It’s Gotta Have Heart

photo credit: Edgar Barany via photopin cc

My husband and I were having a discussion the other day about couples. We’ve gotten to the stage in our lives when we’ve rubbed a lot of the painful edges off each other–not quite to where we look alike but I can see the day looming coming.

You can find a recap of the couples discussion on my personal blog, but the point I’m exploring today is a bit different.

Couples in books.

photo credit: cdrummbks via photopin cc

photo credit: cdrummbks via photopin cc

Growing up I read a lot of science fiction (Isaac Asimov, the Danny Dunn series (which just came out on Kindle in November!!)), fantasy (C.S. Lewis, Five Children and It), magical reality (Zilpha Keatley Snyder, the Freddy the Pig series), historical fiction, and mysteries (Agatha Christie, Sherlock Holmes, Nero Wolfe).

About my late teens I found the romance section. Remember your first introduction to romance? Me, it was a Harlequin I can’t find again (darn it!), Kathleen Woodiwiss, and Johanna Lindsey.

I was hooked. I thought I’d be reading only romance for the rest of my life…

Well, no. Eventually I found traditional romance didn’t give me all the things I looked for in reading. Action, adventure, mystery, wonder…these things are subgenres now but then I had to widen my search.

Who did I find? Janet Evanovich (Stephanie Plum, mystery/humor). Jim Butcher (Dresden Files, SF/fantasy). Elizabeth Peters (Amelia Peabody, mystery). Just recently I started on James Rollins (Map of Bones, Sigma Force series–thriller?), and I’m enjoying the stories immensely, but I’m not totally convinced I’ll read the whole series.


Because strangely, the rest all have romance somewhere in their makeup. HFN or HEA; it may not be more than a small part of the story, but there’s attraction somewhere in there that has the potential for committed love and is not just James Bond hitting on the Girl of the Week. (Revolving-door romance does not qualify for me. I’m not sure Rollins will give me that. I’m not sure he’ll give his heroes their one-and-only, or if he’ll give them a revolving door.)

Point being, when I looked at the books I read, I discovered that small or large, I need romance!

What about you? What was your stepping stone into Romance? Does a story have to have romance for you to read it?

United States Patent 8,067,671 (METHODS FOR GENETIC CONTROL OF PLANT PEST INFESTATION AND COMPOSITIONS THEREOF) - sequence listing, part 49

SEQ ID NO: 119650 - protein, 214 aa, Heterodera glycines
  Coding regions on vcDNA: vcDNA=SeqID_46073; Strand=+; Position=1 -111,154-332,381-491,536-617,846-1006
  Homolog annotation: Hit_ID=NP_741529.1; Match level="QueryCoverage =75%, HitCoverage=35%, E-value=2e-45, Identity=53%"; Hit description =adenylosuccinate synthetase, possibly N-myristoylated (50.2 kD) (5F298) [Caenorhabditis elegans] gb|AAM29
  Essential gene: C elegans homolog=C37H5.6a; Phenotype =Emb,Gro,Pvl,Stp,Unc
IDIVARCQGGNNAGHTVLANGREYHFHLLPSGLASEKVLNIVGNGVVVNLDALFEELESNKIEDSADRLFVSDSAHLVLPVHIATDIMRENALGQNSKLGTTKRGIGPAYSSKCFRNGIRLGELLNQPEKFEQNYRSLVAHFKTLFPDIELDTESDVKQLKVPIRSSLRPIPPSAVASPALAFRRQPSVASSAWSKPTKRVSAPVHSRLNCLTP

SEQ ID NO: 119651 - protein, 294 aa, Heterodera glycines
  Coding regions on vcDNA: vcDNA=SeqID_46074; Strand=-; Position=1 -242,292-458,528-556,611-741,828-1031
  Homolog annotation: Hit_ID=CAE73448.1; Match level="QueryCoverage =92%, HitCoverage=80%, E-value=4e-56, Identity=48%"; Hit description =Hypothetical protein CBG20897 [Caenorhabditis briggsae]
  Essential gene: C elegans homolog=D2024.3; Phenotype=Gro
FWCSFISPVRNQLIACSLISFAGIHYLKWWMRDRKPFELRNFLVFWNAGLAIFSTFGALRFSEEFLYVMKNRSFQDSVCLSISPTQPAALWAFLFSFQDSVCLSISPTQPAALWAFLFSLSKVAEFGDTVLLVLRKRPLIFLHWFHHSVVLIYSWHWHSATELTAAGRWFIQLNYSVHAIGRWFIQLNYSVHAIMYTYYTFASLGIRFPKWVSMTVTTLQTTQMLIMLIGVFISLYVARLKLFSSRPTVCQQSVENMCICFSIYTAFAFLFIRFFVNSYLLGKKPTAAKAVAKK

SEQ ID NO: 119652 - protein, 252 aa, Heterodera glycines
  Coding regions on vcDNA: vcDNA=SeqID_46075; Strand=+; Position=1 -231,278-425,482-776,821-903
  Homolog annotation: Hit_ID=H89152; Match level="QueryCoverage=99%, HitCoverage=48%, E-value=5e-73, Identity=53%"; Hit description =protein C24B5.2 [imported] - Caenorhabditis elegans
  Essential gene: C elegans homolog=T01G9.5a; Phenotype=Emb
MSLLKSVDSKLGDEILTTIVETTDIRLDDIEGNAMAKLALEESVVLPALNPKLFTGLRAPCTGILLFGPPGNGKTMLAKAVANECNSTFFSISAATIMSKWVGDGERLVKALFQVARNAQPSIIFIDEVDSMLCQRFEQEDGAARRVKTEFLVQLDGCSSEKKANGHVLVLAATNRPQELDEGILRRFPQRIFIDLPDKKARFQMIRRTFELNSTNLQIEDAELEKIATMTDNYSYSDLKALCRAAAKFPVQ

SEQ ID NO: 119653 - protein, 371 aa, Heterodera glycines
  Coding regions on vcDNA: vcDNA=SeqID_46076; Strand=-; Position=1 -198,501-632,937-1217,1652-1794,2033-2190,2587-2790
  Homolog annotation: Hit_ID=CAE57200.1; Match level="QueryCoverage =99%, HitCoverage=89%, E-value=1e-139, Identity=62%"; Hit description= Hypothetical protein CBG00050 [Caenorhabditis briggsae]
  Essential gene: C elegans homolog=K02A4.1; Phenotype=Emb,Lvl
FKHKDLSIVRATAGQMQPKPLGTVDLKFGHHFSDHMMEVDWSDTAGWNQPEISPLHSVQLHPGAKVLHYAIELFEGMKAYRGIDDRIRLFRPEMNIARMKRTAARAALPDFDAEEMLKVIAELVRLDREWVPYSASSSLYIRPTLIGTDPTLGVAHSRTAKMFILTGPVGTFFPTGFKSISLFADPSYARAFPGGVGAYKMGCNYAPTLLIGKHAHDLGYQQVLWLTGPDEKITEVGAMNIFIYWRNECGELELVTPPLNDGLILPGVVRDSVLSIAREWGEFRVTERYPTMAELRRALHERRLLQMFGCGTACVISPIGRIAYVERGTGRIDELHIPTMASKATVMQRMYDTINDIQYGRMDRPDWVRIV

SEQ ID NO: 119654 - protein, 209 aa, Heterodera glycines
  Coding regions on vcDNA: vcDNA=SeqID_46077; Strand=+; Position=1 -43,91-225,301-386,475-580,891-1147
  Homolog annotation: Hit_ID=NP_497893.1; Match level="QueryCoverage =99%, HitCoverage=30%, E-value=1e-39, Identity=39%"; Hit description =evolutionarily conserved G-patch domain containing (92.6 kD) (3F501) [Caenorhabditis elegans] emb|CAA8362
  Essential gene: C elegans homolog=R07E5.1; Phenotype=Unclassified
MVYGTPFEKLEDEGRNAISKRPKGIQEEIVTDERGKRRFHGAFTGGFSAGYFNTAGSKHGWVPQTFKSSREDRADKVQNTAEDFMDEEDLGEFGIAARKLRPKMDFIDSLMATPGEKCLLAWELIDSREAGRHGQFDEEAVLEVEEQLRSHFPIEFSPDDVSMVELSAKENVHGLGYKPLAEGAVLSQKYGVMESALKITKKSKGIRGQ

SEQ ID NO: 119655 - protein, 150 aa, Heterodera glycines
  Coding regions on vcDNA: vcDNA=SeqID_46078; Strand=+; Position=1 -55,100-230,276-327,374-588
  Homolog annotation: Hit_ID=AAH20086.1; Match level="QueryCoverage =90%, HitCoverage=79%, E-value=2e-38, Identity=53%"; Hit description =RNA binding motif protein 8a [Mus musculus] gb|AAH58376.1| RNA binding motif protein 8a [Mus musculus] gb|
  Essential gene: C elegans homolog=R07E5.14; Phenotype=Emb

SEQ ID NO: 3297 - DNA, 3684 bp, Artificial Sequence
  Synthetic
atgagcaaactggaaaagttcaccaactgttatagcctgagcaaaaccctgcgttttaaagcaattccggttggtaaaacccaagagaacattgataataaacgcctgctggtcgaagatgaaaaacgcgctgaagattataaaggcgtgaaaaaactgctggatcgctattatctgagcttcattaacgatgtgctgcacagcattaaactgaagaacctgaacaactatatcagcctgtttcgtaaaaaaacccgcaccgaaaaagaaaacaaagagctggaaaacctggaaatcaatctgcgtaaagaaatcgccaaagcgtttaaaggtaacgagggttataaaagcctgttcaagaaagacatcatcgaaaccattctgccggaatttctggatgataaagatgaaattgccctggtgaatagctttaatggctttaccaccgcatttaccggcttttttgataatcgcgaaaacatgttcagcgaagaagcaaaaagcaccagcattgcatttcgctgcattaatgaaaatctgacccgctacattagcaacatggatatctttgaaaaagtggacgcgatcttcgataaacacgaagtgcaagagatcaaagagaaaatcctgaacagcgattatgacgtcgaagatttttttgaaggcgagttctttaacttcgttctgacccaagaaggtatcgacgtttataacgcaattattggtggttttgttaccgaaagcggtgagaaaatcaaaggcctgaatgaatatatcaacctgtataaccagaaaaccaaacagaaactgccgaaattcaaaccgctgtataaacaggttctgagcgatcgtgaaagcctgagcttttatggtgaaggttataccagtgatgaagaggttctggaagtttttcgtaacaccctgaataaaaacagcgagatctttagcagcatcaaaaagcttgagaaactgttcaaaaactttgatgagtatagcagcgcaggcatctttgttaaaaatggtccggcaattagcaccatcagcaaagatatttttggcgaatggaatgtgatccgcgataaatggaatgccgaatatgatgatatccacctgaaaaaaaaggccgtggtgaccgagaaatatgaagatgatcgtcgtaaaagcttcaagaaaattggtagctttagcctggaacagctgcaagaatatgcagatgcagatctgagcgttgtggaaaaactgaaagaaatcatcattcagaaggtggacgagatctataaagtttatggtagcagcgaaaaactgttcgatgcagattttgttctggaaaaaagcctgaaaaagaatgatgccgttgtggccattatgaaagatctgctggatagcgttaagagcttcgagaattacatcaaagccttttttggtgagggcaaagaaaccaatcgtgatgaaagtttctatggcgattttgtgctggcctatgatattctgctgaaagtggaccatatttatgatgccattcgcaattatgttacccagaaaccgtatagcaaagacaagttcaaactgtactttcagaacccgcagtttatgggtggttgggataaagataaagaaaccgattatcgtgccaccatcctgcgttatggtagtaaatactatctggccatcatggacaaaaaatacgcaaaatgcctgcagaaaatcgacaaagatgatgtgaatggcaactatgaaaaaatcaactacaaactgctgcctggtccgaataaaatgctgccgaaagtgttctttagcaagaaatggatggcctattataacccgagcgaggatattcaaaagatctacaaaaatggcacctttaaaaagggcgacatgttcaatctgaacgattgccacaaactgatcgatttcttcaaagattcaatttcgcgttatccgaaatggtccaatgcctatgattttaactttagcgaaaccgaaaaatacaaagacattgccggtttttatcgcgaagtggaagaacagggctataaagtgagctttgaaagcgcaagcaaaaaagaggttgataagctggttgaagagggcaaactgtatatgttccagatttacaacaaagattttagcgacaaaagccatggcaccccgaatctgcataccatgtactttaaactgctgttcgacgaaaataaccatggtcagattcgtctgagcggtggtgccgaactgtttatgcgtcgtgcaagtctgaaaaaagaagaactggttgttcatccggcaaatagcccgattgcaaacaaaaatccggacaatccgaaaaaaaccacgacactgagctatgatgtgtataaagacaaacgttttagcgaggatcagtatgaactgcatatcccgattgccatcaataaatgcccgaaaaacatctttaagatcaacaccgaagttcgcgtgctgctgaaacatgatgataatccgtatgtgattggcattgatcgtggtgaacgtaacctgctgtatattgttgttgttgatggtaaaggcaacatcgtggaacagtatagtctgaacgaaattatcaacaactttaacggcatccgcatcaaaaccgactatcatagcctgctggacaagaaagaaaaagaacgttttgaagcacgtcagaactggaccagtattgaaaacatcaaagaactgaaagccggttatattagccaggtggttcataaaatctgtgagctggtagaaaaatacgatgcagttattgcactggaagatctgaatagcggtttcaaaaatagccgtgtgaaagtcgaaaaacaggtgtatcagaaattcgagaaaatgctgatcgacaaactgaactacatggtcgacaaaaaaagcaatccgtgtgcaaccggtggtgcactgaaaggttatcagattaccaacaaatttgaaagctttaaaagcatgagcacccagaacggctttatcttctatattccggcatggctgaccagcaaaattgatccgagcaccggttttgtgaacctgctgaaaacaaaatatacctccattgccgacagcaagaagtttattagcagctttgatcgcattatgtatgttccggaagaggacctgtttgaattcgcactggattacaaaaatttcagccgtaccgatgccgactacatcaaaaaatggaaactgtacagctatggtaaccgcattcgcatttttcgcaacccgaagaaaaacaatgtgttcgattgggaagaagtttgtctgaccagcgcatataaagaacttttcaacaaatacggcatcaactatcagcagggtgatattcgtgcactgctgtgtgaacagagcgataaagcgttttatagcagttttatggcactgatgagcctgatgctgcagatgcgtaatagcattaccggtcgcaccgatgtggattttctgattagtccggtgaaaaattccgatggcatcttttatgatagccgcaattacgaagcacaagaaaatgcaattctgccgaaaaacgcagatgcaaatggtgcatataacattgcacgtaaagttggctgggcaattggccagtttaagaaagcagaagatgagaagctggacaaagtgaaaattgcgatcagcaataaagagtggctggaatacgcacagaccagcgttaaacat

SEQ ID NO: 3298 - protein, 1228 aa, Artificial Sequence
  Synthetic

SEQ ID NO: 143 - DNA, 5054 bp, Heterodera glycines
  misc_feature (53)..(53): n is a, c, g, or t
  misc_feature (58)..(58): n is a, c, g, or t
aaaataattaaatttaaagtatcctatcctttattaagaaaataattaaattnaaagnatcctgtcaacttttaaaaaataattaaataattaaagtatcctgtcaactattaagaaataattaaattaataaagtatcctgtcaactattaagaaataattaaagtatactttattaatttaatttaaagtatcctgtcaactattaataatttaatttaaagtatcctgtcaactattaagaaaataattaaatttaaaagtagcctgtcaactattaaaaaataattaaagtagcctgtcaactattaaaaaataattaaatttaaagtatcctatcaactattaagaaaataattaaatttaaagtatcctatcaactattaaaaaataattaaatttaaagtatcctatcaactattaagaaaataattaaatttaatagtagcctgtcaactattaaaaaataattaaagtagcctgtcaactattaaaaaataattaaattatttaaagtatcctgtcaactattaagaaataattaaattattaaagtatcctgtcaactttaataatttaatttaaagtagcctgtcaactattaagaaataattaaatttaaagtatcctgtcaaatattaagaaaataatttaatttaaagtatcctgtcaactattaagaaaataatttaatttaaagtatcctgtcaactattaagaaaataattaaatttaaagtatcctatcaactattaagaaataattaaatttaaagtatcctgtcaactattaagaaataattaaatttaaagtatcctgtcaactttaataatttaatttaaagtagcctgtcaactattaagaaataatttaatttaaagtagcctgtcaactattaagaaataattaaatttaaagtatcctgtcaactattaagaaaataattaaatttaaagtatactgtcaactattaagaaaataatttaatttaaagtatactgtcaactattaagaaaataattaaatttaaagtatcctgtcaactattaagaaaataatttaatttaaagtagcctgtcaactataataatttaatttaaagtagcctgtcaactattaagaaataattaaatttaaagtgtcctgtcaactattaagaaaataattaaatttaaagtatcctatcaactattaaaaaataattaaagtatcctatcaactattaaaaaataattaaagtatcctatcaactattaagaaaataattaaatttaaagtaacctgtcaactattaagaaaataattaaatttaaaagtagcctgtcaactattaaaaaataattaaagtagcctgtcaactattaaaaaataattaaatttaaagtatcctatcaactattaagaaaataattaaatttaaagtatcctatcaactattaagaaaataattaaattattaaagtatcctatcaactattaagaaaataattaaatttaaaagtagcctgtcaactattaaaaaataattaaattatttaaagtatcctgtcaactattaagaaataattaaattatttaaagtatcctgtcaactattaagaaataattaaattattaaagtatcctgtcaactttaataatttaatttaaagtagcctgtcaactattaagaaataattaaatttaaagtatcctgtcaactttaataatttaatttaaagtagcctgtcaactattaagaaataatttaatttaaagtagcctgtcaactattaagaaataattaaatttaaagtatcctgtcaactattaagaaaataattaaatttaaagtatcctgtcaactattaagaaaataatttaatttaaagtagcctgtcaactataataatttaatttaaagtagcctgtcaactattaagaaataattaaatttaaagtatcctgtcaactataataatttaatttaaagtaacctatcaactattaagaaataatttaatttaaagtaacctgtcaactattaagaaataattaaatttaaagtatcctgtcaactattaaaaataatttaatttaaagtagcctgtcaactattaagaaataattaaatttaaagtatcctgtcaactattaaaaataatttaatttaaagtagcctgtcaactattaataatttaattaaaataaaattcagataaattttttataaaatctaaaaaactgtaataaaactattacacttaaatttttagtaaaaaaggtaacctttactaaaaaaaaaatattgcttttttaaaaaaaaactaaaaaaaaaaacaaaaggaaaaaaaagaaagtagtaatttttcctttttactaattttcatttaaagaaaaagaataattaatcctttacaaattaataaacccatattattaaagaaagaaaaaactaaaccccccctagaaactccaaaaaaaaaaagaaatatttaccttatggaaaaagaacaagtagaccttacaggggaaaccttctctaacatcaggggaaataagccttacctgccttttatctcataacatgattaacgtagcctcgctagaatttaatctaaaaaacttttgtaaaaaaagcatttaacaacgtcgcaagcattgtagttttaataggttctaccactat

Let’s get to know each other! In my first year as a Magical Musings blogger, I’m exploring my 10 favorite things. This is number three.


About Mary Hughes

Who am I? A lover of stories that crackle with action and love. A mother, a flutist, a binge-TV-watcher of NCIS, Sherlock, and Agents of SHIELD. Most of all, a believer in grand passion. Mary's online and would love to hear from you! Website Blog Group Blog Group Blog Facebook Twitter Newsletter signup
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4 Responses to It’s Gotta Have Heart

  1. Edie Ramer says:

    My experience was similar to yours, though I was in my early twenties when I was first enthralled by romances. Before then, I did read Jane Austen and Georgette Heyer, so that was probably my really first intro to romance. (I loved both authors deeply – and still do.) For a long time before this, I was a mystery reader addict, but even there I like romance with it. Yet, when the relationship between the characters in the mystery series become static, I have to admit I become a little bored. I think I need a romance that has passion, conflict, and resolution.

    • Mary Hughes says:

      Austen and Heyer are great! I remember reading one of the Austen “and” books (Sense and Sensibility?), being surprised it was a classic because I enjoyed it so much! lol.

      I think you put your finger on something important, about static relationships being boring. I know a lot of television shows lost their edge when the main characters got together. I was afraid Bones and Booth (and Castle and Beckett) marrying would kill the show but somehow they’ve found ways to keep the interest lively.

      “Passion, conflict, and resolution.” –maybe that’s how, because they resolve the questions and conflicts, creating story arcs rather than just throwing conflict on top of conflict in an effort to be interesting 🙂
      Mary Hughes`s last blog was …January 1T Olio

  2. Dale Mayer says:

    Hi Mary,

    I ran through all the genres throughout the years and I love romances. I’ve always said that it seems like 99 percent of the books out there have romances in them. It always confused me as to what I wrote because I always cross those blurry lines between the genres – and that was before it was okay to do so!
    Dale Mayer`s last blog was …Eyes to the Soul – up for pre-order

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